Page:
In the study, seven radiology residents were shown five emergent radiologic cases on Snapchat and five similar cases on a classroom projector. The images required immediate communication, and the residents' performance was scored on a scale of 0 to 2, with 0 representing a complete miss and 2 meaning they got the correct diagnosis.
The residents performed significantly better on Snapchat than with the projector, the authors found. The four-week cumulative score for juniors was 81 out 160 on Snapchat, compared with just 63 with the projectors. Similarly, seniors scored 88 out of 120 on Snapchat, as opposed to 75 with the projector.
"Radiology residents interpreting emergency cases via Snapchat showed higher accuracy compared with using a traditional classroom screen," wrote the authors, led by Dr. Bradley Spieler, an associate professor of diagnostic radiology at the Louisiana State University Health Sciences Center in New Orleans. "This pilot study suggests that Snapchat may have a role in the digital radiologic classroom's evolution."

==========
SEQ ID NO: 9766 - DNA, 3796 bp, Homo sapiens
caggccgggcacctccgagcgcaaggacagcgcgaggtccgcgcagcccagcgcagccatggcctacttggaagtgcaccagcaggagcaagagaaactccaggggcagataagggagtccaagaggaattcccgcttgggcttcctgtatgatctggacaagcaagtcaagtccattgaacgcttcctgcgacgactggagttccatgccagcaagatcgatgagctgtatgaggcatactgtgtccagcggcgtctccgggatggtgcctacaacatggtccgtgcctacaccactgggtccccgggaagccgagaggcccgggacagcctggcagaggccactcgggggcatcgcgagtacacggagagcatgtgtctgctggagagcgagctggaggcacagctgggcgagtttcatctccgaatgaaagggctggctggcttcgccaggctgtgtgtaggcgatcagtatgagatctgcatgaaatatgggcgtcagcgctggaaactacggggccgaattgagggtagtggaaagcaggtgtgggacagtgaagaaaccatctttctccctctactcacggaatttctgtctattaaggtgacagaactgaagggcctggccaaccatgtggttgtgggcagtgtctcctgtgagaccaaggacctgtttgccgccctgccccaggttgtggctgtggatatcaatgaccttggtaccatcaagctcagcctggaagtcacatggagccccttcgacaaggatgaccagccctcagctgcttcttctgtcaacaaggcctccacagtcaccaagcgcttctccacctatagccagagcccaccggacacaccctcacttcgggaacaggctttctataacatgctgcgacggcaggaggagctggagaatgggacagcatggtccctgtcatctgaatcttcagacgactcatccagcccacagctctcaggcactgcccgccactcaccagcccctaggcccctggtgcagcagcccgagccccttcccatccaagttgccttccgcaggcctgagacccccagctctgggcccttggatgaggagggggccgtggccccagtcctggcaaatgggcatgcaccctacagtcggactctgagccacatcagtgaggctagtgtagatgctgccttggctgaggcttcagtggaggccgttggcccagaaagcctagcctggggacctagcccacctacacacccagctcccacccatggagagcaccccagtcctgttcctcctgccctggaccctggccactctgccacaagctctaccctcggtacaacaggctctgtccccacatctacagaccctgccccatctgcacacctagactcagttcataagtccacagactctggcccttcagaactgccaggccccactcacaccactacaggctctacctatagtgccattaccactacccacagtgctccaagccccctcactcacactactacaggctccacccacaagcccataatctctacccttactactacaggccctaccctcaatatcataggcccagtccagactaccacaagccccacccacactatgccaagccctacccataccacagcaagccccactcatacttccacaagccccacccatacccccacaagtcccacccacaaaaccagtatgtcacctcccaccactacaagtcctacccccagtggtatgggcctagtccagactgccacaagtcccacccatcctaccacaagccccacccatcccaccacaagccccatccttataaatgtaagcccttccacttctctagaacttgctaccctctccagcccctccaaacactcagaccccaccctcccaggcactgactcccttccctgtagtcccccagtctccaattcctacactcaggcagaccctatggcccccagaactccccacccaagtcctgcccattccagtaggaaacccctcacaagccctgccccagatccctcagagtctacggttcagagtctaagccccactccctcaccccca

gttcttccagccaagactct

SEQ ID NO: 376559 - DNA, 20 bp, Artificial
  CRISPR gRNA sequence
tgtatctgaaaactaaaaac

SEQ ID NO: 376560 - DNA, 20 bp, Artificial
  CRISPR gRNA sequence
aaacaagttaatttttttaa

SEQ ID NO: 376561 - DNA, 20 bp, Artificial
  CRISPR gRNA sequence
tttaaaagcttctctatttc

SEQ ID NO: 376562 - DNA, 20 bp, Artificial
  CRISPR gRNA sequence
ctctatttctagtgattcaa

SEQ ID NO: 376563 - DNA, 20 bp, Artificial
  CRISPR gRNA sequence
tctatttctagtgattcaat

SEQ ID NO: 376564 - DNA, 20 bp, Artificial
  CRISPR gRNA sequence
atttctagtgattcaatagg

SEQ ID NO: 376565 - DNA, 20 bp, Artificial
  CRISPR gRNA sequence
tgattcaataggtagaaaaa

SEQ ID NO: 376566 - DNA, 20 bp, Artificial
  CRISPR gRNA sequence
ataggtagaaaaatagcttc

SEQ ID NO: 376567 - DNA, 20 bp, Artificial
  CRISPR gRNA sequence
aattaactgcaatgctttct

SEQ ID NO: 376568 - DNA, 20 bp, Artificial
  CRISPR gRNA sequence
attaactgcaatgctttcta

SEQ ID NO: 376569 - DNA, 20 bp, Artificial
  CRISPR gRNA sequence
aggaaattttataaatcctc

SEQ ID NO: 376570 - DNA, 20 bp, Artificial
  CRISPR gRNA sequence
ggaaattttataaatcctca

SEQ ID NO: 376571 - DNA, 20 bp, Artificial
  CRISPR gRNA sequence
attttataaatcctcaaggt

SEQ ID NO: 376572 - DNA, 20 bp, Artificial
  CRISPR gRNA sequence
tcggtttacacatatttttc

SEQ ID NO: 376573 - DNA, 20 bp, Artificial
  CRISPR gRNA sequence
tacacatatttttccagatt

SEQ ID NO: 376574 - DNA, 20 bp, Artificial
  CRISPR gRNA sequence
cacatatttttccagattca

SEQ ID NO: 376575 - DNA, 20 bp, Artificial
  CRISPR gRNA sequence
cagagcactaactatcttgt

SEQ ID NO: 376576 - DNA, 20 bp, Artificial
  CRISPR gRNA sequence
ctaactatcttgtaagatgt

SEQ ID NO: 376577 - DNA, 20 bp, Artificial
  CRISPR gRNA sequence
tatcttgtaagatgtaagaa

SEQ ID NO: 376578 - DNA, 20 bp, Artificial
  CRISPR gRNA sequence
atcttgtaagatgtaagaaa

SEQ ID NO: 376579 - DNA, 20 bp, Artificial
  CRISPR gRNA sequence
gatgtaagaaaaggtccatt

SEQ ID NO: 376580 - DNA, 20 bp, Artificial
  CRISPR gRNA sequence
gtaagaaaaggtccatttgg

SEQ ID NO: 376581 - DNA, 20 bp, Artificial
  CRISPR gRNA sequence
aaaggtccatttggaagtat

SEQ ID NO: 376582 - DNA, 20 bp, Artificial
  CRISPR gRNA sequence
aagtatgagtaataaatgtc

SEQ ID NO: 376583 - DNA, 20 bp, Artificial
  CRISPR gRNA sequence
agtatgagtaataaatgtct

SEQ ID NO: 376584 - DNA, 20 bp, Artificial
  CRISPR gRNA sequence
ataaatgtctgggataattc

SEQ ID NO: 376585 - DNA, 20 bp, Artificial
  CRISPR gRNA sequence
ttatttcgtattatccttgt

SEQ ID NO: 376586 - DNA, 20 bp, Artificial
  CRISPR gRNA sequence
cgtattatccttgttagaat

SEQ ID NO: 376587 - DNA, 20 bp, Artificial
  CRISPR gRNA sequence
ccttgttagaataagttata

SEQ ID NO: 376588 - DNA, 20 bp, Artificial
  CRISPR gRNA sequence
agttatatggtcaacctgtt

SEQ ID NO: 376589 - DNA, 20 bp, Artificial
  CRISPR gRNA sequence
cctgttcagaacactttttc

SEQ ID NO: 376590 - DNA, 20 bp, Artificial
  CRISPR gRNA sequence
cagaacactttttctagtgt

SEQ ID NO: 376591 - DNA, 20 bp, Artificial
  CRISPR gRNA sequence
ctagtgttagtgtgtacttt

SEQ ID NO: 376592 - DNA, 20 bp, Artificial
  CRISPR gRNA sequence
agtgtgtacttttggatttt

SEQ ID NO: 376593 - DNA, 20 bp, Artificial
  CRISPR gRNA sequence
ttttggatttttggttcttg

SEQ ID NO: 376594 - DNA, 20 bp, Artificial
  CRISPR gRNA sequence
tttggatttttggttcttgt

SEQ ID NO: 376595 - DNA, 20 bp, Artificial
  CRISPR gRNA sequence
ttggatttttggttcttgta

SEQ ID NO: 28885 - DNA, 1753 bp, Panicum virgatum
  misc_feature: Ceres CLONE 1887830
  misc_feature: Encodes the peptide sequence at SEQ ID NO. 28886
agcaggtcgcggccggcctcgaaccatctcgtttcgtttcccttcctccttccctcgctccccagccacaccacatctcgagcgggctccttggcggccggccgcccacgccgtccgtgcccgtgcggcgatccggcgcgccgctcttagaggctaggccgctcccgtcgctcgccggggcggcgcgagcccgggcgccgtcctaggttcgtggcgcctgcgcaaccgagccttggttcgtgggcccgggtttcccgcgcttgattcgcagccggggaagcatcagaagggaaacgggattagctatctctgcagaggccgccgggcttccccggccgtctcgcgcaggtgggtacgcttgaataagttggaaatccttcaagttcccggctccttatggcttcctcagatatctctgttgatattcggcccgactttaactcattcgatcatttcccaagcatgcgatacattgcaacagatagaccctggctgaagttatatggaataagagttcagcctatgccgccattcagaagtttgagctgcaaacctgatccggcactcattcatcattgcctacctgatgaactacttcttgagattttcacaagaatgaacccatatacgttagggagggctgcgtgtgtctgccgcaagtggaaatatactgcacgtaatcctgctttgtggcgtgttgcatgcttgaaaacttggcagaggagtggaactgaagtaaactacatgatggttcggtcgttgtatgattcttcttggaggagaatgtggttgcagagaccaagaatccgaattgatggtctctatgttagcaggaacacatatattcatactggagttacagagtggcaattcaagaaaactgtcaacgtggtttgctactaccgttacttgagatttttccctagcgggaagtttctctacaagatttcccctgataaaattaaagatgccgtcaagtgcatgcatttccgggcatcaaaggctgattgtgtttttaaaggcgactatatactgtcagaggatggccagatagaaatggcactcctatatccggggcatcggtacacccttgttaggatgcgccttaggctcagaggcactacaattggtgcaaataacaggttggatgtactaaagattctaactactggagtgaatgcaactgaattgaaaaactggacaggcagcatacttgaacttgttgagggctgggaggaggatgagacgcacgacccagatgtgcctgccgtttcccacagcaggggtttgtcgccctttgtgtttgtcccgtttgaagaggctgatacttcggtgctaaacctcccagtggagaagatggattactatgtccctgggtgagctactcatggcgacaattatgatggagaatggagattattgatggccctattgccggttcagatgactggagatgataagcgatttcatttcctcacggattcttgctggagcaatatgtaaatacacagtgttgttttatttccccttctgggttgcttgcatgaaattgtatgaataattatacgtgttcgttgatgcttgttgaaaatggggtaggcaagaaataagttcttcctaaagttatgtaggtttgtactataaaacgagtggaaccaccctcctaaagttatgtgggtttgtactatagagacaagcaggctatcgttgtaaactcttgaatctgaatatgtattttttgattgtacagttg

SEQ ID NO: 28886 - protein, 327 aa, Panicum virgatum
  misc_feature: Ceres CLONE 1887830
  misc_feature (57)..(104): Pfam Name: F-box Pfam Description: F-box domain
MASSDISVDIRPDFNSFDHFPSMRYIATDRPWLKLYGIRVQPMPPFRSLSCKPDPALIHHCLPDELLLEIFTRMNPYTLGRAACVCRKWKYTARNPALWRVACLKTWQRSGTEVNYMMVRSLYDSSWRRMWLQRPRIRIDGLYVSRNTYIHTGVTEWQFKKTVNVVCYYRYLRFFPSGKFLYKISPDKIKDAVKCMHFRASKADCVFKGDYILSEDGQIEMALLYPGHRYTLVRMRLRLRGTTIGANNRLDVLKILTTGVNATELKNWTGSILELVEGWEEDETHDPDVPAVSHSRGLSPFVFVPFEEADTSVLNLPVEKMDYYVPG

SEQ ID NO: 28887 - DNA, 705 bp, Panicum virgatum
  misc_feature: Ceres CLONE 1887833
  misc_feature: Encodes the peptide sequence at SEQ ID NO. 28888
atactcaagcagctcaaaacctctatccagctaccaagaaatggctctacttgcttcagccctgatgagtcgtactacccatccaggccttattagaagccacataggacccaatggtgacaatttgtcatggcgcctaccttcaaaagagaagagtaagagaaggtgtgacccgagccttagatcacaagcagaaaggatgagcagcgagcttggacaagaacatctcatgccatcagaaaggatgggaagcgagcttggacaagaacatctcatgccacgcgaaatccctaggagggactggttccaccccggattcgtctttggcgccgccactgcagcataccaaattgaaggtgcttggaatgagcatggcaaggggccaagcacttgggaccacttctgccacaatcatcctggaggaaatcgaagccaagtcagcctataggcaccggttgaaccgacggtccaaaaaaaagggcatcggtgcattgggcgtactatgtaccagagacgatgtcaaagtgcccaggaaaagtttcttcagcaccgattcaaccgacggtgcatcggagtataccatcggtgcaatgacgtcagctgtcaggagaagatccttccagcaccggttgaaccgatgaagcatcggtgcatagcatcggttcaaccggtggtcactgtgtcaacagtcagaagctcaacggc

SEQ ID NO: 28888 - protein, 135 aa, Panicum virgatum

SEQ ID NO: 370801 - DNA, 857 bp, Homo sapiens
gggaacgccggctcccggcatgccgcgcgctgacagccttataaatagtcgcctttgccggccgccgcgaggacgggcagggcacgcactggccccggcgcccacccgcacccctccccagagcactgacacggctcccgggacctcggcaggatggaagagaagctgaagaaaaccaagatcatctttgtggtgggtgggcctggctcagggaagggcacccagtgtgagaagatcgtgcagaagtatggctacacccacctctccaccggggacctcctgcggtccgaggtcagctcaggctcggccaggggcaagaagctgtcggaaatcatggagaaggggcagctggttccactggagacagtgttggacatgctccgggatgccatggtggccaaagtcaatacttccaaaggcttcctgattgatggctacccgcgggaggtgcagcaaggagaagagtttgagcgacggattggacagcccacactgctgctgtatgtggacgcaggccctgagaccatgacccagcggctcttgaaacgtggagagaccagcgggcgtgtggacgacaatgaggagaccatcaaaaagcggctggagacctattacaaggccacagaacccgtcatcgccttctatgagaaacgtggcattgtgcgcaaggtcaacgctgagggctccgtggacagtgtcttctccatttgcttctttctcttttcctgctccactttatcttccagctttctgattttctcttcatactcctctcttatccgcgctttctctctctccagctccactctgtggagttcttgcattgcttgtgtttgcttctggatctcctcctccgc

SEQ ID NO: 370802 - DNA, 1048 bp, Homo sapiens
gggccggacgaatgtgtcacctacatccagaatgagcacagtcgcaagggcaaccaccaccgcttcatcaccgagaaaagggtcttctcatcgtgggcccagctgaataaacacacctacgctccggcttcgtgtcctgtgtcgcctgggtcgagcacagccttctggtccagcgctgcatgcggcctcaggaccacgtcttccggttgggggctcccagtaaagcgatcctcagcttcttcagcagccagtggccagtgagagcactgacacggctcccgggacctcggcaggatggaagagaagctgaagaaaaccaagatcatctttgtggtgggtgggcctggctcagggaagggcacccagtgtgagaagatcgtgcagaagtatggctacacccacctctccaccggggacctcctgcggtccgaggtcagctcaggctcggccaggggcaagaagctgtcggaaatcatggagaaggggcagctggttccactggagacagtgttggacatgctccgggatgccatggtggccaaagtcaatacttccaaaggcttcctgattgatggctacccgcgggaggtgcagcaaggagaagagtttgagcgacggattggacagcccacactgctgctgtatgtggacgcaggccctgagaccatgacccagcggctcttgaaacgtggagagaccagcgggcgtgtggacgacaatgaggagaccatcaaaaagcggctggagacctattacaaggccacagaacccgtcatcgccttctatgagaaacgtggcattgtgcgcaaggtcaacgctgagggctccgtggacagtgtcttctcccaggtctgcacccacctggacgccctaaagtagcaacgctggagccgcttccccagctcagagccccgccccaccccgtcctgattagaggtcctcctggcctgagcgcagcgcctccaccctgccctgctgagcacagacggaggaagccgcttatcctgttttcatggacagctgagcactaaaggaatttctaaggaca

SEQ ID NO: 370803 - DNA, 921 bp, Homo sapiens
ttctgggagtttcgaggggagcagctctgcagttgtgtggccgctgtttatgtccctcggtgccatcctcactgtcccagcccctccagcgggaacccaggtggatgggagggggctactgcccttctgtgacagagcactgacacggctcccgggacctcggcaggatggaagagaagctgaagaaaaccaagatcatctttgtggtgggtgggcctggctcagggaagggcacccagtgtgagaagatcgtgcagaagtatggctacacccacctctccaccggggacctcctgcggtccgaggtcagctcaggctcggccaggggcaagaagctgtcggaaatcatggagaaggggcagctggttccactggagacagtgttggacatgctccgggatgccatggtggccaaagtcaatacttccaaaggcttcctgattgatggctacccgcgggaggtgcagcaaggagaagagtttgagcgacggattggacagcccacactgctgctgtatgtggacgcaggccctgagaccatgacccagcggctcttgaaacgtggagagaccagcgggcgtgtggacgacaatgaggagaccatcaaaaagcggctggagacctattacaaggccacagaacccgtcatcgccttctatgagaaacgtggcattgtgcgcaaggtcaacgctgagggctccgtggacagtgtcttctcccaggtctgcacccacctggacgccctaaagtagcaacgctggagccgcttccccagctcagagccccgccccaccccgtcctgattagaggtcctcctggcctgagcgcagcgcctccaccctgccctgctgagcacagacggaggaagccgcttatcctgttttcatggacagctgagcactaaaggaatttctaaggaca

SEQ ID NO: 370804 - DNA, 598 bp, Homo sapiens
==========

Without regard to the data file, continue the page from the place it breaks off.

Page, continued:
The authors noted the COVID-19 pandemic is underscoring the need to create innovative teaching methods, and smartphones may be one such tool to connect with students and residents. Residents have a high comfort level with mobile technology, and radiology may be particularly well-suited to learning on visual social media platforms, such as Snapchat.
"We believe that the results from this pilot study could facilitate a promising and novel training method in enhancing recognition of imaging diagnoses, particularly those of life-threatening nature, which could be applied to the evolving landscape of distance learning," Spieler stated in a press release.
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